Yes, iOS 11 will use the HEVC codec to compress your video, but they'll still be MOV and MPEG-4 files when you export them. Again, this means your videos will take up less space than they would in H.264 while keeping the same

What's new for developers?

Developers also get a new Depth Map API, so they can do more with the data captured by the iPhone 7 Plus's two-camera setup. Other new camera-related APIs include AVCapturePhotoOutput, which lets apps capture Live Photos and wide gamut color, and output RAW-format DNG files and HEVC-format HEIF files aside from JPEGs.

What about the Photos app, any new tricks for Live Photos?

iOS 11 lets you edit your Live Photos, which means you can choose which still should be shown, instead of the one that's picked by the app.

To get started, you'd just find a Live Photo (remember, they have their own smart album), then tap the edit button. The Live Photo gets splayed out frame by frame on a timeline, and then you can drag the ends to trim it, and drag the white box along the timeline to highlight the frame you want to use as the still photo.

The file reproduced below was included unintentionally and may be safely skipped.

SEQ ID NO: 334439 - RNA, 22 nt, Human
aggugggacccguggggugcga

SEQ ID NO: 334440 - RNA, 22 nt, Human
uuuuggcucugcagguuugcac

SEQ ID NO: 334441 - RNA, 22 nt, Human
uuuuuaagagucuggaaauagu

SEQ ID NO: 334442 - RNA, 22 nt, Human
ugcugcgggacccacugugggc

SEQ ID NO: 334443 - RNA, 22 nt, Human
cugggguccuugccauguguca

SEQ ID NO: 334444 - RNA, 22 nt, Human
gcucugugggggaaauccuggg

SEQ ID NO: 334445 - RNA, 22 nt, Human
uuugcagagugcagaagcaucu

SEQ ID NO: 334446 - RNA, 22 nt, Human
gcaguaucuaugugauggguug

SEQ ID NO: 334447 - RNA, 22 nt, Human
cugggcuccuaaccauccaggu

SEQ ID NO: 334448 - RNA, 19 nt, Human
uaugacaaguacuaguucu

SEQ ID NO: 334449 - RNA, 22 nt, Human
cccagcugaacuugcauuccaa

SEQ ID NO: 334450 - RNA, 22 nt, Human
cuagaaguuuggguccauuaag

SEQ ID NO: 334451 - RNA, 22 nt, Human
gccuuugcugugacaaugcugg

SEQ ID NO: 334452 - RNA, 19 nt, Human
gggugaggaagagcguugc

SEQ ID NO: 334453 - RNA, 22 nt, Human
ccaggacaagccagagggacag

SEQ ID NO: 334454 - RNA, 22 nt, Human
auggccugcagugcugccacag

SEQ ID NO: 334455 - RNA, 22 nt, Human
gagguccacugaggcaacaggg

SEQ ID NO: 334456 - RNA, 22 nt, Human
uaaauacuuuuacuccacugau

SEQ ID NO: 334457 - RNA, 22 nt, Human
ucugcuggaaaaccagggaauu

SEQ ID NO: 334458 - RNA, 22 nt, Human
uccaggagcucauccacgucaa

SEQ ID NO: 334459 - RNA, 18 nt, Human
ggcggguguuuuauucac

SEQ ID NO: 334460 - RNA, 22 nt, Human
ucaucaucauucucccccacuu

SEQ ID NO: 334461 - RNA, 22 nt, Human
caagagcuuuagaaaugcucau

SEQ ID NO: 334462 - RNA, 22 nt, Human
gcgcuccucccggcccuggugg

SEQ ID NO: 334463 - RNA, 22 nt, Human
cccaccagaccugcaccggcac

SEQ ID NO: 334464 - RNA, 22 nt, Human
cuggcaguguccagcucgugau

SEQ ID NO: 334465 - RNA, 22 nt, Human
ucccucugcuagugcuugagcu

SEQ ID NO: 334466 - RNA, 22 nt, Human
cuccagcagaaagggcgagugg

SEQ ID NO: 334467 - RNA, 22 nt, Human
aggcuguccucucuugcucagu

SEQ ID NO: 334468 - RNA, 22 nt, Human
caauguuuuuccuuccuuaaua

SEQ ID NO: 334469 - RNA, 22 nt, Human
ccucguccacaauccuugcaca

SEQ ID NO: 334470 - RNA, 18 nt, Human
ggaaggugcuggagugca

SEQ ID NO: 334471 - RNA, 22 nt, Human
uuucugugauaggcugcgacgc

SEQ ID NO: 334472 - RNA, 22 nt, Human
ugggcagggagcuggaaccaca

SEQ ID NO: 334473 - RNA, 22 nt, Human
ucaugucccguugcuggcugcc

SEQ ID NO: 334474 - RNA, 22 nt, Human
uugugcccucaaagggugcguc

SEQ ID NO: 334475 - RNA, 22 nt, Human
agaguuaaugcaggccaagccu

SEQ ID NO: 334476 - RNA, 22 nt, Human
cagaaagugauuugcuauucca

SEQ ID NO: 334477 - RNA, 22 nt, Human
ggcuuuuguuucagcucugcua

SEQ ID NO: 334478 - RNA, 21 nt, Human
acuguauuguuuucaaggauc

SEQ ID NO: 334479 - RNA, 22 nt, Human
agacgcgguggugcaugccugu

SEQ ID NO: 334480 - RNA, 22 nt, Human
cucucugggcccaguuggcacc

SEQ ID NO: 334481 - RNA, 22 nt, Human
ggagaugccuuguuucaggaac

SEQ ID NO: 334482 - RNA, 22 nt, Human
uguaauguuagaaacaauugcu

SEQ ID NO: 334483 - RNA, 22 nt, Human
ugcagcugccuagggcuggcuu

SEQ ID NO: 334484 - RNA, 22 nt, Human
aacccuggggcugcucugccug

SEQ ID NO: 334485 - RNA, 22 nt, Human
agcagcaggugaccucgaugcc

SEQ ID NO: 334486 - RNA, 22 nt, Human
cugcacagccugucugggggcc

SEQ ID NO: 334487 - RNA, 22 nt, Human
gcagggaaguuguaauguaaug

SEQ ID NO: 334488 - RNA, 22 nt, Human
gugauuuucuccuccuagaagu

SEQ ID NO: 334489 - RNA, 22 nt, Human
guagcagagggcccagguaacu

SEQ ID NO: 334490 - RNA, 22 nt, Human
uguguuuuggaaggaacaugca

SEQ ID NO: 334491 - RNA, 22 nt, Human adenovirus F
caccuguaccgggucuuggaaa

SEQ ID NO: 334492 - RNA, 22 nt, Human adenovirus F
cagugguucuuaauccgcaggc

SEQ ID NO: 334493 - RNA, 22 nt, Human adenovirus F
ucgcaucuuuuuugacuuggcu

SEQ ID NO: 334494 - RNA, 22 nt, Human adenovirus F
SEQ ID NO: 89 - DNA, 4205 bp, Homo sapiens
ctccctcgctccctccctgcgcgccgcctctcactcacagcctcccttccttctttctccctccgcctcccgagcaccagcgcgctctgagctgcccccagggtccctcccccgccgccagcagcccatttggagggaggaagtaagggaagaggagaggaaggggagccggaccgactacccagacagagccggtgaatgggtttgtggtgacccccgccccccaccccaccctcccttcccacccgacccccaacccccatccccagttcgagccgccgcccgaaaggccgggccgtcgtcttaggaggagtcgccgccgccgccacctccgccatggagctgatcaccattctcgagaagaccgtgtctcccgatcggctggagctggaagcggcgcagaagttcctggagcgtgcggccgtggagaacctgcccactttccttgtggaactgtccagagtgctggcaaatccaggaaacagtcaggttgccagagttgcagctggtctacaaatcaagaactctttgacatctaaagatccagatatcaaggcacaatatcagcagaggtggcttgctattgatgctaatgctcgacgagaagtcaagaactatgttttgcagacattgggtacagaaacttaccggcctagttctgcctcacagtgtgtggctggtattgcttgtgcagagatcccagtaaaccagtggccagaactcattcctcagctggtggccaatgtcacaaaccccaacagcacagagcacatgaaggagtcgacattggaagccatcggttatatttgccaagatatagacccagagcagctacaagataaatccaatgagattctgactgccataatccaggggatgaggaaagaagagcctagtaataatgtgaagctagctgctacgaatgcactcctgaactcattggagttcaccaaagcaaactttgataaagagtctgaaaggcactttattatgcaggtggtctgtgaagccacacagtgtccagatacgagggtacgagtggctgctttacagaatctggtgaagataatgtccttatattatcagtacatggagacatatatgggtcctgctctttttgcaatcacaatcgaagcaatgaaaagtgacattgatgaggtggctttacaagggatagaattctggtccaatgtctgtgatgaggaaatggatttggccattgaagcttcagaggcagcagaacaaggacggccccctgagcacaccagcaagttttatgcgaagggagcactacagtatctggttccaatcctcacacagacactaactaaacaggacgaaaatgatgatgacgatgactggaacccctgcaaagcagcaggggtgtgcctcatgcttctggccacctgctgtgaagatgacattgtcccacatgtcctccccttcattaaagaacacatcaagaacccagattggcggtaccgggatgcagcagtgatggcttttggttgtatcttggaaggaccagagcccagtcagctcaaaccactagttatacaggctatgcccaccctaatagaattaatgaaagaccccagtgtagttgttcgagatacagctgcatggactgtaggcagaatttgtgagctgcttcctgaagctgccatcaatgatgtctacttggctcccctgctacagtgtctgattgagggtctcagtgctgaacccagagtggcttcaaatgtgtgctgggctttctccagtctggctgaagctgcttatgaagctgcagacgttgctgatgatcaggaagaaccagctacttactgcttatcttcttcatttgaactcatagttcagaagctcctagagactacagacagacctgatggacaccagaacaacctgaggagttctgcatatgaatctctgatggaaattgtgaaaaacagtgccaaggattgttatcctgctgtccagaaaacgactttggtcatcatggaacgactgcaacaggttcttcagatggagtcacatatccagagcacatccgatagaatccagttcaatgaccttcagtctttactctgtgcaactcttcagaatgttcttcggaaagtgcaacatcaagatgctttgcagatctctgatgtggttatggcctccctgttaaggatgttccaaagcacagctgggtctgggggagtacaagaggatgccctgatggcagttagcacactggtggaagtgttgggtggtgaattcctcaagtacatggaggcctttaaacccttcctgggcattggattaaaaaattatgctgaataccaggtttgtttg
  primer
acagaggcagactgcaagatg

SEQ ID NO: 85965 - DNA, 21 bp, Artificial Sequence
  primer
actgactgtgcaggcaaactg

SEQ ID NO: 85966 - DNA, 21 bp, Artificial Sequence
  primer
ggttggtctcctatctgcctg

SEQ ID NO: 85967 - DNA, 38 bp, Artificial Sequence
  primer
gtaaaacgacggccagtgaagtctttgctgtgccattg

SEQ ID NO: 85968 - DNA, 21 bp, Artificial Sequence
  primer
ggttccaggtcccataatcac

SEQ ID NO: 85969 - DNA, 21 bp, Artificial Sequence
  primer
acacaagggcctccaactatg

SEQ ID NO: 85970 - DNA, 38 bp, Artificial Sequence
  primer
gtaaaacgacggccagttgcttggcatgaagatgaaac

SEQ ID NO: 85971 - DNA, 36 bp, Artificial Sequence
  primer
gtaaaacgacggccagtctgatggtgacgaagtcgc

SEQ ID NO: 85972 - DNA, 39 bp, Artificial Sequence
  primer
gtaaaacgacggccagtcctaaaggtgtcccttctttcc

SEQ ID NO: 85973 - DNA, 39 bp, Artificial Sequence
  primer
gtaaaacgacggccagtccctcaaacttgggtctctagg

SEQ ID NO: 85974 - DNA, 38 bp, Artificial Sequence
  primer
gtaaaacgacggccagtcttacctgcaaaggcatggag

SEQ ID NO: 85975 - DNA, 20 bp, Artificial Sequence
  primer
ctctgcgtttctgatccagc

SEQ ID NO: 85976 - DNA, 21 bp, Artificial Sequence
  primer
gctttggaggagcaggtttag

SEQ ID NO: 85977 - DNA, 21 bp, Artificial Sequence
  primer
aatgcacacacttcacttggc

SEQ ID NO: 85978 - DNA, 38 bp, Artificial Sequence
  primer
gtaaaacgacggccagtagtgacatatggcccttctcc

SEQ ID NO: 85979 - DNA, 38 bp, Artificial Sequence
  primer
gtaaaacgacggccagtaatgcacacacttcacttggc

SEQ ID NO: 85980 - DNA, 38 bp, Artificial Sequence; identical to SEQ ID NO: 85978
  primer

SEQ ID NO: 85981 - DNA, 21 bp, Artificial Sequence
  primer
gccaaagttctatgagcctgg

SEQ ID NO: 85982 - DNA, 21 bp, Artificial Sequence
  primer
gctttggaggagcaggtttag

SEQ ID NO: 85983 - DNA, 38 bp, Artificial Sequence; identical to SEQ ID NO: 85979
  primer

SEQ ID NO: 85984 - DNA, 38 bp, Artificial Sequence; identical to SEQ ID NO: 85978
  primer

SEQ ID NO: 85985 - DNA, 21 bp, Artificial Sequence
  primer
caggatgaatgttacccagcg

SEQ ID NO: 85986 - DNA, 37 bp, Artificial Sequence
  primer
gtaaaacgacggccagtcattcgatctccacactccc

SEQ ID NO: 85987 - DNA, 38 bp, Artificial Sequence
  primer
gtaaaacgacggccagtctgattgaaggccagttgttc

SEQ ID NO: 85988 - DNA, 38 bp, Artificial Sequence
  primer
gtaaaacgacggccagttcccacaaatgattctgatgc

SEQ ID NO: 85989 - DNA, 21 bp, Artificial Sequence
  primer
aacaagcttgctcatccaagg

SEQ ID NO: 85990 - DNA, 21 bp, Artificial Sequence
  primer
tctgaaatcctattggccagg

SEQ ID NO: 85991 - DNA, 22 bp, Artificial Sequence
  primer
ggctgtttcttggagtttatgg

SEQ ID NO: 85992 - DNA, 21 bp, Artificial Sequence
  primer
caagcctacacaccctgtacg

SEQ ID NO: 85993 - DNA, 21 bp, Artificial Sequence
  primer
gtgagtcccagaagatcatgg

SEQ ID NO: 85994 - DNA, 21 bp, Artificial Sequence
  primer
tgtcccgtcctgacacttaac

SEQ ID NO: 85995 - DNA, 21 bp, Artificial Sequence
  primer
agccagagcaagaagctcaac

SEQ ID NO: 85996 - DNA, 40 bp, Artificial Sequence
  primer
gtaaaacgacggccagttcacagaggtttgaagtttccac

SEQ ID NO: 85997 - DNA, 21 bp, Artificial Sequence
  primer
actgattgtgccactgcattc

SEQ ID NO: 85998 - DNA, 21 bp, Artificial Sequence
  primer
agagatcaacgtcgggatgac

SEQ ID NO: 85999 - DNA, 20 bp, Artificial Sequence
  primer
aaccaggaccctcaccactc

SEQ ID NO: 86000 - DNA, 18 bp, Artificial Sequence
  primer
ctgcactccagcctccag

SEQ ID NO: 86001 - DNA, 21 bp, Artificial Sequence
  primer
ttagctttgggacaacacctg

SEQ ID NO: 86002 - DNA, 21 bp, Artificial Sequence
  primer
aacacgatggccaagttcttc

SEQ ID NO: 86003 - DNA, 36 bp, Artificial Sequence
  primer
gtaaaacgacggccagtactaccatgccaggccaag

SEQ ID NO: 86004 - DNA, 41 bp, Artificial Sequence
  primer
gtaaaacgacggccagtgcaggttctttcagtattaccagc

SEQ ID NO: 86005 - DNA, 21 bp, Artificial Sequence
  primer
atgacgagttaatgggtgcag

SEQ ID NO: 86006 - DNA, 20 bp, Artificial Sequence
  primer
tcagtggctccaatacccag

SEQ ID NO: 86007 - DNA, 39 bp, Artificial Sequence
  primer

Do Live Photos still look the same when you play them back?

Not necessarily—iOS 11 gives you three new effects to add to your Live Photos: Loops, Bounce, and Long Exposure.

The Loop effect for Live Photos in iOS 11

Think of Loops like a GIF, just a continuous loop that repeats forever. Except, unlike with Vine, you don't have to plan ahead and agonize over getting the loop point just right—iOS finds it for you, and you can't adjust it even if you want.

Bounce is similar in that it goes forever, but instead of looping, the action proceeds forwards and then goes back—it's iOS's version of Boomerang. Again, iOS creates the effect automatically and you can't adjust it, but it's so much more convenient than Boomerang, because it works on any Live Photo already in your library.

Long Exposure mimics the effect of, well, taking a very long exposure. Think of those nighttime photos of highways, where the buildings and road are in focus, but the cars are blurred into streams of white and red light. Objects that stay still will stay in focus, but anything that's moving in your Live Photo will be smoothed out. The effect is a still photo with parts of it moving. Think a shot of the waves at sunset, or a waterfall in a forest, or cars on a road. Trying it with portraits of people or animals results in a blurry mess (which can be fun too, if that's what you're after).